Brigham & Women’s doc: COVID-death of congressman-elect is not an outlier

Following the COVID-19 death of a 41-year-old congressman-elect from Louisiana, a Brigham and Women’s Hospital emergency physician is dispelling the notion that the pandemic has not caused widespread fatalities for younger people who contract the virus.

“A 41-year-old Congressman-elect from Louisiana has died of COVID-19,” Dr. Jeremy Faust, who also teaches at Harvard Medical School, wrote in a Twitter thread early Wednesday morning. “But this kind of thing has been happening all along.”

The post arrived hours after the death of Luke Letlow, who was slated to take office next month as a Republican member of the U.S. House, was announced Tuesday night.

Letlow was admitted to a hospital in Monroe on Dec. 19 after testing positive for coronavirus, according to the Associated Press. He was ultimately transferred to and placed in intensive care at Ochsner-LSU Health Shreveport, where he later died.

While older people and those with pre-existing conditions are at a higher risk of more severe illness brought on by COVID-19, younger generations have also felt the fatal impacts of the health crisis, according to Faust. (Letlow reportedly did not suffer from any underlying health conditions that would have increased his risk of coronavirus complications.)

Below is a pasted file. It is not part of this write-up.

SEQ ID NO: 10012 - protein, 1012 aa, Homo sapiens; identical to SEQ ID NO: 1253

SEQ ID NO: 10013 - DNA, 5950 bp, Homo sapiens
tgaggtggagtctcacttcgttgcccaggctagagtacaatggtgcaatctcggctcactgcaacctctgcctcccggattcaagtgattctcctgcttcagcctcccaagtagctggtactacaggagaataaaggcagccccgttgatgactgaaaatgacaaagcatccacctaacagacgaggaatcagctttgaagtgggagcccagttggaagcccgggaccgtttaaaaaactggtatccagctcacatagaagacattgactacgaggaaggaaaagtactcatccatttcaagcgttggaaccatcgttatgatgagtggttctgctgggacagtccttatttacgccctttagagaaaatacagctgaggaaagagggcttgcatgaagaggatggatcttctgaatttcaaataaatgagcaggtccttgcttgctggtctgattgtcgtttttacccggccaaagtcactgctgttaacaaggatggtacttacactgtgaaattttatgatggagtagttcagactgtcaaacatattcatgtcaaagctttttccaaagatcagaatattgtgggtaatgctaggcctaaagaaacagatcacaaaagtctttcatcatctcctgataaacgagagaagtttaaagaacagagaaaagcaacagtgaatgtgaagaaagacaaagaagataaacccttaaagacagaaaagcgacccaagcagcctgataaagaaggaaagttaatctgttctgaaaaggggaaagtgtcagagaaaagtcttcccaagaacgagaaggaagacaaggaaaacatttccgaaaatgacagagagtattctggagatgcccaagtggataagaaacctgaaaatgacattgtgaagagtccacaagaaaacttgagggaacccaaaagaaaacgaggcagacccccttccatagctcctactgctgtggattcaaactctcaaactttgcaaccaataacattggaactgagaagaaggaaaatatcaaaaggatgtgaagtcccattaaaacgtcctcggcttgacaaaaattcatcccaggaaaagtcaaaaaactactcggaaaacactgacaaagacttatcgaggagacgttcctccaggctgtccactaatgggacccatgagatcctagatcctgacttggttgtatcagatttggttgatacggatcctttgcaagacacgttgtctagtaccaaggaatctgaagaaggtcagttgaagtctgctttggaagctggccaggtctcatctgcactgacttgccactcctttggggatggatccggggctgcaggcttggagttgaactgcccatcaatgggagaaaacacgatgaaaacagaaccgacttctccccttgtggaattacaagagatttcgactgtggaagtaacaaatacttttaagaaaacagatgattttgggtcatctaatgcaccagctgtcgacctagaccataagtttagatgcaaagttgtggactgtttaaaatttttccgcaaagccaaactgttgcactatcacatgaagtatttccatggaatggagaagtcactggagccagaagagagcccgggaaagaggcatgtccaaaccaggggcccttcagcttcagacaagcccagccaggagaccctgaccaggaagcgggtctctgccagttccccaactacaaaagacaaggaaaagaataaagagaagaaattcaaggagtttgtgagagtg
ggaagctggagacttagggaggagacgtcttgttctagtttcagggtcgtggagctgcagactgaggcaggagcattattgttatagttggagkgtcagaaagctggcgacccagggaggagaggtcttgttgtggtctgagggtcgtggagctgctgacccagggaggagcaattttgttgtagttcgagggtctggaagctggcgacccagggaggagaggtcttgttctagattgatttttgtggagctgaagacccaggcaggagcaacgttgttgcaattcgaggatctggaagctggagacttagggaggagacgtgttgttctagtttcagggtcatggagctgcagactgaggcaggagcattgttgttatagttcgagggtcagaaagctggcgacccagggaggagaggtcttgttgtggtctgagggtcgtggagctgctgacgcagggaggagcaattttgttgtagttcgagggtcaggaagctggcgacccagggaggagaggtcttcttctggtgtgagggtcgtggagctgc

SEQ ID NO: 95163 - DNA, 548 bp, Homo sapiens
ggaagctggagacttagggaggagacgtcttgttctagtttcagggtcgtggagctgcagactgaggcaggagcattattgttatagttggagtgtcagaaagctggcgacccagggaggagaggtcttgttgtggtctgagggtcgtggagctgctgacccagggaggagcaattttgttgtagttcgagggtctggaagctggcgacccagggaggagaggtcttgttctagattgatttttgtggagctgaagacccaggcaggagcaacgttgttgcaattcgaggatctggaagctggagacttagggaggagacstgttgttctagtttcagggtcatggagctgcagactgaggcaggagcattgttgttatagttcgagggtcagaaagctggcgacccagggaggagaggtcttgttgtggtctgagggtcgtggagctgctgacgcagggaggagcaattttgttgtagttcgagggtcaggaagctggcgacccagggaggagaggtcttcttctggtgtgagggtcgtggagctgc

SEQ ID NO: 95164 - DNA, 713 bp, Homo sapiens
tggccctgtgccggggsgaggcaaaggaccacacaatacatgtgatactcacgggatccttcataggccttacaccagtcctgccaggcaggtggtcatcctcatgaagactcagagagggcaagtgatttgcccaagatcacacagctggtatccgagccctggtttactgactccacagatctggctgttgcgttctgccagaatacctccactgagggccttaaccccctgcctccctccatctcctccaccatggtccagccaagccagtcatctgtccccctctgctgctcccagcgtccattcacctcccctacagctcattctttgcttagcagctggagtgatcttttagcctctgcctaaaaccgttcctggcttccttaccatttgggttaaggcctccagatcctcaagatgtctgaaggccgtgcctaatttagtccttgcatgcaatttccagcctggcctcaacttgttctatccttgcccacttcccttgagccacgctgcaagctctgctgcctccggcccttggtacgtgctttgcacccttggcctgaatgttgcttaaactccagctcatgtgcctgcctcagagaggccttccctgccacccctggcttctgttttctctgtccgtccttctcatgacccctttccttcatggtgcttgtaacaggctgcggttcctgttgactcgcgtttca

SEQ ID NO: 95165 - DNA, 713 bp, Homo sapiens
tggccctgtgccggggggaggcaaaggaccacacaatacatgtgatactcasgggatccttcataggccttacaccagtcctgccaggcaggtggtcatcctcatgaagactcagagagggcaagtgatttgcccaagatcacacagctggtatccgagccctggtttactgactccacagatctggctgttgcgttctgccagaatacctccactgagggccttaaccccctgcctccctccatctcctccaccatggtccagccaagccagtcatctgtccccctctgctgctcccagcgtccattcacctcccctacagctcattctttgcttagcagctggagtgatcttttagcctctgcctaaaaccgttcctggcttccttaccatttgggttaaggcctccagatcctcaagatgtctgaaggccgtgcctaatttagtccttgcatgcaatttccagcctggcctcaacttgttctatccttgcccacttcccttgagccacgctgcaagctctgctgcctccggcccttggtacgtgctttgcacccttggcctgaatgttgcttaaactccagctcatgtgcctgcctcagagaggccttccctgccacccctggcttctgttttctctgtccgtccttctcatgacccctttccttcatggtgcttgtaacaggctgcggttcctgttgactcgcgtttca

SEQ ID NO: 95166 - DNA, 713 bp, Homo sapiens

In a recent article co-authored by Faust, researchers found “that thousands of young adults have died of COVID-19 and that thousands more have died of other causes during the pandemic,” he explained on social media.

The report found that from March 1 through July 31, “all-cause” deaths for adults between 25 and 44 years old in the United States totaled 76,088 — 11,899 more than the 64,189 deaths expected to occur in that timeframe.

“Things have gotten much WORSE since re-opening,” Faust wrote. “Do not attempt to blame lockdowns” or an increase in suicides, he wrote. “Data do not support that.”

He added in a later tweet: “The notion that this pandemic hasn’t been harming young people is a result of many things. One is that the infection fatality rate IS a lot lower in younger adults than seniors. BUT… With enough infections, it adds up. This surprised me when I saw the data coming together.”

Faust wondered whether Letlow’s death would inspire more people to take the virus seriously.

He noted that Letlow was a “young, healthy white Congressman.” There have been thousands of others like him — most of them Black or Hispanic, he wrote.

“It should not take this tragic loss,” he wrote.

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